Toronto-based software startup points AI at solving B2B’s biggest sales problems

After your Saturday morning coffee and a pancake breakfast with the kids, perhaps you pick up a list of chores. Perhaps you stare at these tasks, each of them daunting in its own way, and pin the list back under the magnet on the fridge as you turn to the coffee maker for another cup.

But what if you had artificial intelligence (AI) to help you know which tasks really needed to be crossed off that list? What if they were ranked by letter grades from A to F, each grade representing the balance of work required to finish the task versus the benefits of getting it done? Suddenly that endless list wouldn’t look so daunting and you’d know where to get started right away.

Well, that technology hasn’t been invented yet for your weekend chores, unfortunately. But if you work in business-to-business (B2B) sales, then you can turn to Toronto-based SalesChoice.

An AI company that helps with sales forecasting and account scoring, SalesChoice’s Predictive Insight Engine plugs into a firm’s customer relationship management (CRM) software and applies machine learning to the data.

For its capability to help clients boost revenue growth by as much as 35 per cent, SalesChoice is also the winner of the Artificial Intelligence Disruptor category at ITWC’s Digital Transformation Awards for 2018.

Plugging AI into the sales pipeline

SalesChoice applies its AI power to improve productivity simply by showing sales professionals where their time and energy is most effectively spent.

“Sales professionals get distracted all the time,” says Cindy Gordon, CEO at SalesChoice. “They like to chase the next shiny toy… But when you come in in the morning to see your letter grades, you’re getting a focus jolt.”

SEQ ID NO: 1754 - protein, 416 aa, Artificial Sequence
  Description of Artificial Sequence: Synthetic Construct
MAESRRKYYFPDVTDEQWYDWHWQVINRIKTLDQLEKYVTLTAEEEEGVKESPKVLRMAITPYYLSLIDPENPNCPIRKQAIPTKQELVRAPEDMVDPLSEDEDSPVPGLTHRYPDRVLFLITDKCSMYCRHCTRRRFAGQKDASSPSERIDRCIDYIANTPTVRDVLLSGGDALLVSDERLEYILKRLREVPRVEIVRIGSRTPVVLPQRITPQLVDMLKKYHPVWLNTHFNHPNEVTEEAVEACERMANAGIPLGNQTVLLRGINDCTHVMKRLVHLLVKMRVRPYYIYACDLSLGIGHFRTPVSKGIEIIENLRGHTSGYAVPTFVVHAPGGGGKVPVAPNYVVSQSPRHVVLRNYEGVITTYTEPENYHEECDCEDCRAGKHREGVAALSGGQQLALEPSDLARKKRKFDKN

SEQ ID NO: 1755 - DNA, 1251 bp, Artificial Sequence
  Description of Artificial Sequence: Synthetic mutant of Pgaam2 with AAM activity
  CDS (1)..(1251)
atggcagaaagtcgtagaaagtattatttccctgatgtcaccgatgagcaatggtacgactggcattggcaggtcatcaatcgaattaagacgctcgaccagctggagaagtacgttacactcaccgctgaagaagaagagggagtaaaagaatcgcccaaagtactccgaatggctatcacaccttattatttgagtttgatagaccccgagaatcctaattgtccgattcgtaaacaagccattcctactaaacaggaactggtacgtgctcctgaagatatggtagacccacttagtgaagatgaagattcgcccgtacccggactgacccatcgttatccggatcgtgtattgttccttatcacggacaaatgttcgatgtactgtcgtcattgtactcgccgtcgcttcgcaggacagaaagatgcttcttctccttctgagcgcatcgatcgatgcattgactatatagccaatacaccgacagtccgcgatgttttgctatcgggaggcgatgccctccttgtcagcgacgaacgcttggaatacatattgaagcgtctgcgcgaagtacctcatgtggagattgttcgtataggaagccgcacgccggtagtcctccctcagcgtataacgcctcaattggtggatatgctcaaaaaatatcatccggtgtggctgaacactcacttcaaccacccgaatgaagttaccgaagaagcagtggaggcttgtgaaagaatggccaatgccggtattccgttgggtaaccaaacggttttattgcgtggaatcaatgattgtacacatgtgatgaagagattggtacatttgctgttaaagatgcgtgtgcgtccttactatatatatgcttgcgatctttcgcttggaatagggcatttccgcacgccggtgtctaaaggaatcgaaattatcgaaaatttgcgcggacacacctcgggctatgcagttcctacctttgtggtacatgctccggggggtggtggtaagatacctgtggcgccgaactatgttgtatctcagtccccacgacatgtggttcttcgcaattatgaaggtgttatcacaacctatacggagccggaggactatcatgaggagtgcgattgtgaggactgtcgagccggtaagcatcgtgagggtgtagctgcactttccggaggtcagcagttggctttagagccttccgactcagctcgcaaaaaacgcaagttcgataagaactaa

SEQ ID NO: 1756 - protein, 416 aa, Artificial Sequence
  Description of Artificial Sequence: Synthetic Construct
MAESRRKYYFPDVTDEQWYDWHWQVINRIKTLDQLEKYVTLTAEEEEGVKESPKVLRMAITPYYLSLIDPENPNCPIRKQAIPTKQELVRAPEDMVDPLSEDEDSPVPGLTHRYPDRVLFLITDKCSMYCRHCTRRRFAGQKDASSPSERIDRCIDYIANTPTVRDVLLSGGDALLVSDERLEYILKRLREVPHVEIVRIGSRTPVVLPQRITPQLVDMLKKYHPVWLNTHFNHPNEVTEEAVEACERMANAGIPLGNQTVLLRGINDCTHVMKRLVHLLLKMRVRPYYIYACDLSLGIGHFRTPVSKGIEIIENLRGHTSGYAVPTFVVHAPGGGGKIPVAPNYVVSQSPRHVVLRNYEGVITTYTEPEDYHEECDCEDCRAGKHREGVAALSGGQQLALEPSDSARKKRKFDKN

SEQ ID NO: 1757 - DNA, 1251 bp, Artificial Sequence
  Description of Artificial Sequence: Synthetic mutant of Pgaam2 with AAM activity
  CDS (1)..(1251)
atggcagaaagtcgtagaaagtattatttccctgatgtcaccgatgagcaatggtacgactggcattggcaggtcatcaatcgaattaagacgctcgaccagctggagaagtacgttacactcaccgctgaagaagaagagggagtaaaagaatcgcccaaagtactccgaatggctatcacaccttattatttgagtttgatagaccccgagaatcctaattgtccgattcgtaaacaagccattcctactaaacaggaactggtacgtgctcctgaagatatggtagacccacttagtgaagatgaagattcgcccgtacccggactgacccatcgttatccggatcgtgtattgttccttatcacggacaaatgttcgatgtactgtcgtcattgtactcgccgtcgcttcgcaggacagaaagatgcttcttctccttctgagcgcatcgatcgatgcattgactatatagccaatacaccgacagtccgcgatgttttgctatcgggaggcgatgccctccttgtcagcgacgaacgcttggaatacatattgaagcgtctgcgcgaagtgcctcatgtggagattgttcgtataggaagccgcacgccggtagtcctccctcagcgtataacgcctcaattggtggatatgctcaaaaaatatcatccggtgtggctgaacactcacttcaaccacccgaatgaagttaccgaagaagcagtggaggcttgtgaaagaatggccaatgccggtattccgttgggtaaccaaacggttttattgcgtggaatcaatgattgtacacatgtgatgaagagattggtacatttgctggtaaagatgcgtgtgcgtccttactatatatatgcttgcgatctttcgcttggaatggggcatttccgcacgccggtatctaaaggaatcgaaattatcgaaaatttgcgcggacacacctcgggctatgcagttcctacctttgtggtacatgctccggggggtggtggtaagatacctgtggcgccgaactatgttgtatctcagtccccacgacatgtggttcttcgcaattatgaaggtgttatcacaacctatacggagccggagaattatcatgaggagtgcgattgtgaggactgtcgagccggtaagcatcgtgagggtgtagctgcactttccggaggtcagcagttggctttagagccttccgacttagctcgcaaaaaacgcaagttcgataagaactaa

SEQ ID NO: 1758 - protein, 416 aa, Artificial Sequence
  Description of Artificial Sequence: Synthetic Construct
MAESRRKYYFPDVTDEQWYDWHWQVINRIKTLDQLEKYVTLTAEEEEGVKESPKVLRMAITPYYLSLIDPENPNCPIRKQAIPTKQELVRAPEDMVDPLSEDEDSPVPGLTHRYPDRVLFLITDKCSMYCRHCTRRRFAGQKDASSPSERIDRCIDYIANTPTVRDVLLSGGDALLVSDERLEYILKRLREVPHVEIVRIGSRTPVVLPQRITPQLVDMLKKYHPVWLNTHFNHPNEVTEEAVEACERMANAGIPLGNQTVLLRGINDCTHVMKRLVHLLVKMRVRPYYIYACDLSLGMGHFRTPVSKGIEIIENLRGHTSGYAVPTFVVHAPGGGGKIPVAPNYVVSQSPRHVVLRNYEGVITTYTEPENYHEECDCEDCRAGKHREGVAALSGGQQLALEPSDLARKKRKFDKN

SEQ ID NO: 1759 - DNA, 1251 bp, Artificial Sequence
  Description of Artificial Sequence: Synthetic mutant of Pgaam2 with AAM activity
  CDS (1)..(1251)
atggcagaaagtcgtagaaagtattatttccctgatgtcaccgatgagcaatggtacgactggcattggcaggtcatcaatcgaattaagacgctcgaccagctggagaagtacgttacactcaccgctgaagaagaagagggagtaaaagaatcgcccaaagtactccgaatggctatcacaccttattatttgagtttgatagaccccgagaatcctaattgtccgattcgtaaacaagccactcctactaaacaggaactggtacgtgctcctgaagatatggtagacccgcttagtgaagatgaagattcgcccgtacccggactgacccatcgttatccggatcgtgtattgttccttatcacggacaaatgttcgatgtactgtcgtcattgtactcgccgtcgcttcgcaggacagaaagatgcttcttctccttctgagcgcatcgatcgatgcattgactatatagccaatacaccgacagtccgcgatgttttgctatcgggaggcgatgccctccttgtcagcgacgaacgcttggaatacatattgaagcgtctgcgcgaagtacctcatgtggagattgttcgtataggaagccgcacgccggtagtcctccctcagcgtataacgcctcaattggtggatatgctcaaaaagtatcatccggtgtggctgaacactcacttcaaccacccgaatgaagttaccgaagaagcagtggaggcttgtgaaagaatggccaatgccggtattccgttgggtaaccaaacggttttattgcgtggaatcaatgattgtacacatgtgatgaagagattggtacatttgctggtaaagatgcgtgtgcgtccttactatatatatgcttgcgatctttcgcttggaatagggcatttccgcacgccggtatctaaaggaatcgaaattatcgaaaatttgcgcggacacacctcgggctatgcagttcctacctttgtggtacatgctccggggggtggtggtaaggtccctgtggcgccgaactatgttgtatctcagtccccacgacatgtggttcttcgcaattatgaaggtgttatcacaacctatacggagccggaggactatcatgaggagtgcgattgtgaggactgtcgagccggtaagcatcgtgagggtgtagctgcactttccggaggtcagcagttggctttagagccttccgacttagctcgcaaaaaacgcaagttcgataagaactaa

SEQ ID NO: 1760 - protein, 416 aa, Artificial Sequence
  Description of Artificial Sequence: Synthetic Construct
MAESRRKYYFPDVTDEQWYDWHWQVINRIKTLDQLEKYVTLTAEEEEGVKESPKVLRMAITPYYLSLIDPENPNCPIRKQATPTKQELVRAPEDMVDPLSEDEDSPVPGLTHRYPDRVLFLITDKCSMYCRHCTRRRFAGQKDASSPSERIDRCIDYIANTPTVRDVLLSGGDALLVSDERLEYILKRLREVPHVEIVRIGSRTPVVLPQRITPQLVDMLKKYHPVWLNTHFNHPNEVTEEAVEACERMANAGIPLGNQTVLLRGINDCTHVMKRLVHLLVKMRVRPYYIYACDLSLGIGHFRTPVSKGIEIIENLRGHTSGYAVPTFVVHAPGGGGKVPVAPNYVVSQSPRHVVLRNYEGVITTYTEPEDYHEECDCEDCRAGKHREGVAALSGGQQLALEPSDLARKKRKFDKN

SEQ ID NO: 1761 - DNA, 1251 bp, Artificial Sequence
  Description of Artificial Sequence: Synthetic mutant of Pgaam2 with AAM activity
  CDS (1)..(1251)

The software was a hit with CrossFuze, an enterprise software services firm that is a SalesChoice customer. Director of Sales Shawn Wilson says that in late 2017 he was looking for some help in improving sales forecasting accuracy.

“That’s been a struggle throughout my career,” he says in a SalesChoice video on Youtube. “Any time a product or service suggests they can ramp up that accuracy, I’m interested.”

The tool integrates into CrossFuze’s CRM (SalesChoice can also be integrated into and NetSuite CRM) in such a way that he can import a new column into his weekly sales pipeline report. Now he’s looking to those scoring values instead of the anecdotal information from the team. It helps him manage his team by showing what prospects are really worth pursuing.

“Either I’m using it to challenge some of the anecdotal statements, or they’re (my sales reps) are using it to convince me a lead is worth pursuing,” Wilson says.

A ‘sales GPS’ to the best opportunity 

To get started with its data-crunching, SalesChoice simply asks for two key inputs: the sales quota and the date range that it applies to. From there, it pulls the variables in that could affect a customer’s likelihood to buy. These can be different across every customer, Gordon explains, but could include the channel of inquiry, the current season (tip: ice cream sells well in summer), the customer’s industry, the time the opportunity originated, and any pricing information discussed.